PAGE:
Recording Academy to Partner on Study About Women's Representation Across Music Industry

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Courtesy of The Recording Academy

As a first step, the Academy completed an analysis of the 63rd annual Grammy nominations. 23% of all nominees this year identify as women.

The Recording Academy, Berklee College of Music and Arizona State University announced on Friday (March 5) that they are partnering to conduct a study of women's representation across the music industry. The study is expected to be completed and released in early 2022.

As a first step, the Recording Academy completed an analysis of the 63rd annual Grammy nominations and is publicly reporting gender representation amongst nominees for the first time. Among the 853 nominees across all 83 Grammy categories, 198 identify as women, representing 23 percent of nominees. (There are 84 Grammy categories, but one – best immersive audio album – is on hold until next year because of the pandemic.)

Morever, three of the four individuals who received the most nominations this year are women. Beyoncé is this year’s nominations leader with nine, followed by Dua Lipa, Taylor Swift and Roddy Ricch, with six.

The forthcoming study with Berklee and ASU isn’t the first initiative put in place by the Recording Academy addressing women’s representation in music. In 2019, the organization launched Women In the Mix, which prompted hundreds of music professionals and organizations to pledge to consider at least two women in the selection process every time a producer or engineer is hired. Also in 2019, the Recording Academy pledged to double the number of women voters by 2025. To date, it has reached 33 percent of that goal by adding 831 new women voting members to its membership.

“Two years ago, we started our Women in the Mix initiative with the primary goal of raising awareness,” said Harvey Mason jr., the Academy’s chair and interim president/CEO, in a statement. “[We] had an overwhelming initial response, garnering support from more than 650 of the most influential music people, executives and organizations. While we are hopeful that we will still see benefit from that effort, we haven’t seen enough progress to date. In order to accelerate our goals, we are excited to partner… on this study. The results of the research will serve as a guide for much-needed reforms in the industry at large."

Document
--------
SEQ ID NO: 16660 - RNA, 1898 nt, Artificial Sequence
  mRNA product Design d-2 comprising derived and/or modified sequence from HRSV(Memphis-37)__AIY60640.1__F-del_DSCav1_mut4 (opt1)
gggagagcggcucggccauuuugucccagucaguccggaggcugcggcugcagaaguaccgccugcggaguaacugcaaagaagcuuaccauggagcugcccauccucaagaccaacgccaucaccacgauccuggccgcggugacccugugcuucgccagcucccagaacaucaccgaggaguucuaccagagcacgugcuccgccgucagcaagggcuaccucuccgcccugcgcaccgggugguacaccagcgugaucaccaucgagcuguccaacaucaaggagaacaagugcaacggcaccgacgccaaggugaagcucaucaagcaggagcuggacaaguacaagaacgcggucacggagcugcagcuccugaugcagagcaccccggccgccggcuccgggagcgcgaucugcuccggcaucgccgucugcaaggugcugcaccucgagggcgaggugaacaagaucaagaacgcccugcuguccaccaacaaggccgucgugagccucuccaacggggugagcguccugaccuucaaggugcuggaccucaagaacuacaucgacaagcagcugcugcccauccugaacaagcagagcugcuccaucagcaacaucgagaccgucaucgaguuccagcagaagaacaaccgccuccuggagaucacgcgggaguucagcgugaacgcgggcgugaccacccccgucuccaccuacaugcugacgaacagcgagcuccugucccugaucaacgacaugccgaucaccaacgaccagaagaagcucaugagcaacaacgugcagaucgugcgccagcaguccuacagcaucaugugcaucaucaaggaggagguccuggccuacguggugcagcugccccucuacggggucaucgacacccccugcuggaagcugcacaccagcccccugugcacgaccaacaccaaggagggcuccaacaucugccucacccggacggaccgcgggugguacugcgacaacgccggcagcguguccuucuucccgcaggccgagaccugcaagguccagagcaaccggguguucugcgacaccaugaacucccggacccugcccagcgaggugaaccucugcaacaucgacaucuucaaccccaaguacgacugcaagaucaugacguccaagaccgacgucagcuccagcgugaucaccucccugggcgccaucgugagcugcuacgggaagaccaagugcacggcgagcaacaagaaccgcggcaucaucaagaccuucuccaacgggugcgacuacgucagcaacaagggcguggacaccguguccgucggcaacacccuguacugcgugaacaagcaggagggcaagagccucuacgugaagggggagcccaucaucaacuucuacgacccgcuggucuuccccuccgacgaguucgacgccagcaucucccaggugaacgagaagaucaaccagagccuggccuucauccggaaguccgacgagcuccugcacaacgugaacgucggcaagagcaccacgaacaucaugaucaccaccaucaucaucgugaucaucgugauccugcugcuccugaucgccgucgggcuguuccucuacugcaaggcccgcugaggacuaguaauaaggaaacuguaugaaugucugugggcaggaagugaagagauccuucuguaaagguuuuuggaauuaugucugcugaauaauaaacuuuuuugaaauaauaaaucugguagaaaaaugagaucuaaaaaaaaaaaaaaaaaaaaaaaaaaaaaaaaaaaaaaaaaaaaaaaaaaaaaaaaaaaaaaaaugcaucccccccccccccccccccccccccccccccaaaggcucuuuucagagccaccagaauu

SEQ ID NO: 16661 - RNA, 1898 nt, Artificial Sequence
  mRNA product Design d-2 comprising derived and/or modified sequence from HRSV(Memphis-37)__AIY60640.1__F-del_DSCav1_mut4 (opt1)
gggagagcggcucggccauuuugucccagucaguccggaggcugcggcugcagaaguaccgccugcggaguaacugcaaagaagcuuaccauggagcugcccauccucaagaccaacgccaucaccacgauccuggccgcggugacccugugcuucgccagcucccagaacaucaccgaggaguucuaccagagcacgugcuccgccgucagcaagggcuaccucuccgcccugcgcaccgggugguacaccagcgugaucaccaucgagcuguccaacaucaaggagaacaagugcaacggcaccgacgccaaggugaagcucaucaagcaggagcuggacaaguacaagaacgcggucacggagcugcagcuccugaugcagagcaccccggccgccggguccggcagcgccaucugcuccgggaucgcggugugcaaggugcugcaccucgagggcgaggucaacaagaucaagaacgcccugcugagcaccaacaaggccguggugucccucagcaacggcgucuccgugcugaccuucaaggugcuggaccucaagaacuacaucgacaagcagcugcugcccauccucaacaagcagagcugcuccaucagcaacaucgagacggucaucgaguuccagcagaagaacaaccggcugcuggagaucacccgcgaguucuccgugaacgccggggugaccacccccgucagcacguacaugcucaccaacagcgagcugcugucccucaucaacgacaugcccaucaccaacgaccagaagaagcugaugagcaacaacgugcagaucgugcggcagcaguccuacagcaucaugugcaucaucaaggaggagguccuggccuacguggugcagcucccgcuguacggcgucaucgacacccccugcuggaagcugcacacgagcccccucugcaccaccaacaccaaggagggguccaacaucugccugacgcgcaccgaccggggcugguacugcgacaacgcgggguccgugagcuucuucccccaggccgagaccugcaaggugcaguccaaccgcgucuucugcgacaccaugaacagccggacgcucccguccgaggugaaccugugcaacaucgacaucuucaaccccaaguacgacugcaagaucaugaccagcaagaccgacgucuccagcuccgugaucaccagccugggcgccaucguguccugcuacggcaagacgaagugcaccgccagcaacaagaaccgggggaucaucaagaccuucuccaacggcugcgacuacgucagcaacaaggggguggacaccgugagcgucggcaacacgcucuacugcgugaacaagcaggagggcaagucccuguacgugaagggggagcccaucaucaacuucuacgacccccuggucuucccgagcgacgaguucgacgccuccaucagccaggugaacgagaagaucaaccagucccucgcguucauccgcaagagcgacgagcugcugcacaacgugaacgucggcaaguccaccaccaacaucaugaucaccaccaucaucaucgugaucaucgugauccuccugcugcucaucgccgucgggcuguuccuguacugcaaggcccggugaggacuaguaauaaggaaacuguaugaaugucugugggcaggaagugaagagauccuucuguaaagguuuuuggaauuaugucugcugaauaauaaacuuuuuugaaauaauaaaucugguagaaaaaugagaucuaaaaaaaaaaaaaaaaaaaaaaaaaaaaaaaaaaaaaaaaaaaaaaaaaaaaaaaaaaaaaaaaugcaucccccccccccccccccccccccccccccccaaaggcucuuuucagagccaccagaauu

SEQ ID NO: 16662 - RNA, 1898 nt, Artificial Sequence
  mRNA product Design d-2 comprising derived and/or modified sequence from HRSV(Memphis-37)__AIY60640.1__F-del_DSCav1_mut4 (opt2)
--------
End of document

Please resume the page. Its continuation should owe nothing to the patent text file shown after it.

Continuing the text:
Valeisha Butterfield Jones, the Academy’s chief diversity, equity & inclusion officer, added: “Women are key drivers in the economy and across all business and creative sectors in music, globally, yet we reflect 2 percent of producers and engineers. It's our responsibility at the Academy to be the change that we seek and inspire progress within the industry. We recognize the important work that our industry colleagues have done in this area and are doubling down on our commitment to play a more active role in providing solutions to increase the number of women working in this space…"

Susan Whitehead, chair of Berklee College of Music's board of trustees, added: “The music industry is in need of a broad gender study that examines women representation beyond today's popular music in order to help accurately identify key areas for growth and improvement. We look forward to working with the Recording Academy to develop strong methodology for this study and to authentically address the lack of women representation in the music industry."

This new effort will build upon the baseline constructed by Berklee's 2019 study, "Women in the U.S. Music Industry: Obstacles And Opportunities," authored by Erin Barra, director of popular music at Arizona State University and executive director of Beats By Girlz; Sharon Kramer, dean of institutional research and assessment at Berklee College of Music; and Becky Prior, Berklee’s associate director of institutional research. Barra will lead the new study.

"Being able to continue this work in partnership with such powerful allies signals the importance and immediate need for this type of research…,” Barra said in a statement. “We need to make visible and tangible the obstacles and opportunities we face as women navigating an industry that wasn’t built by us or for us.."

Barra will be working alongside Lisa M. Anderson, associate professor in the School Of Social Transformation and Mako Fitts Ward, that school’s assistant professor.

On Monday (March 8), the Recording Academy will kick off Grammy Week with the inaugural Women in the Mix event that will spotlight women producers and engineers while encouraging and facilitating mentorship between established women in the industry and aspiring women music professionals.

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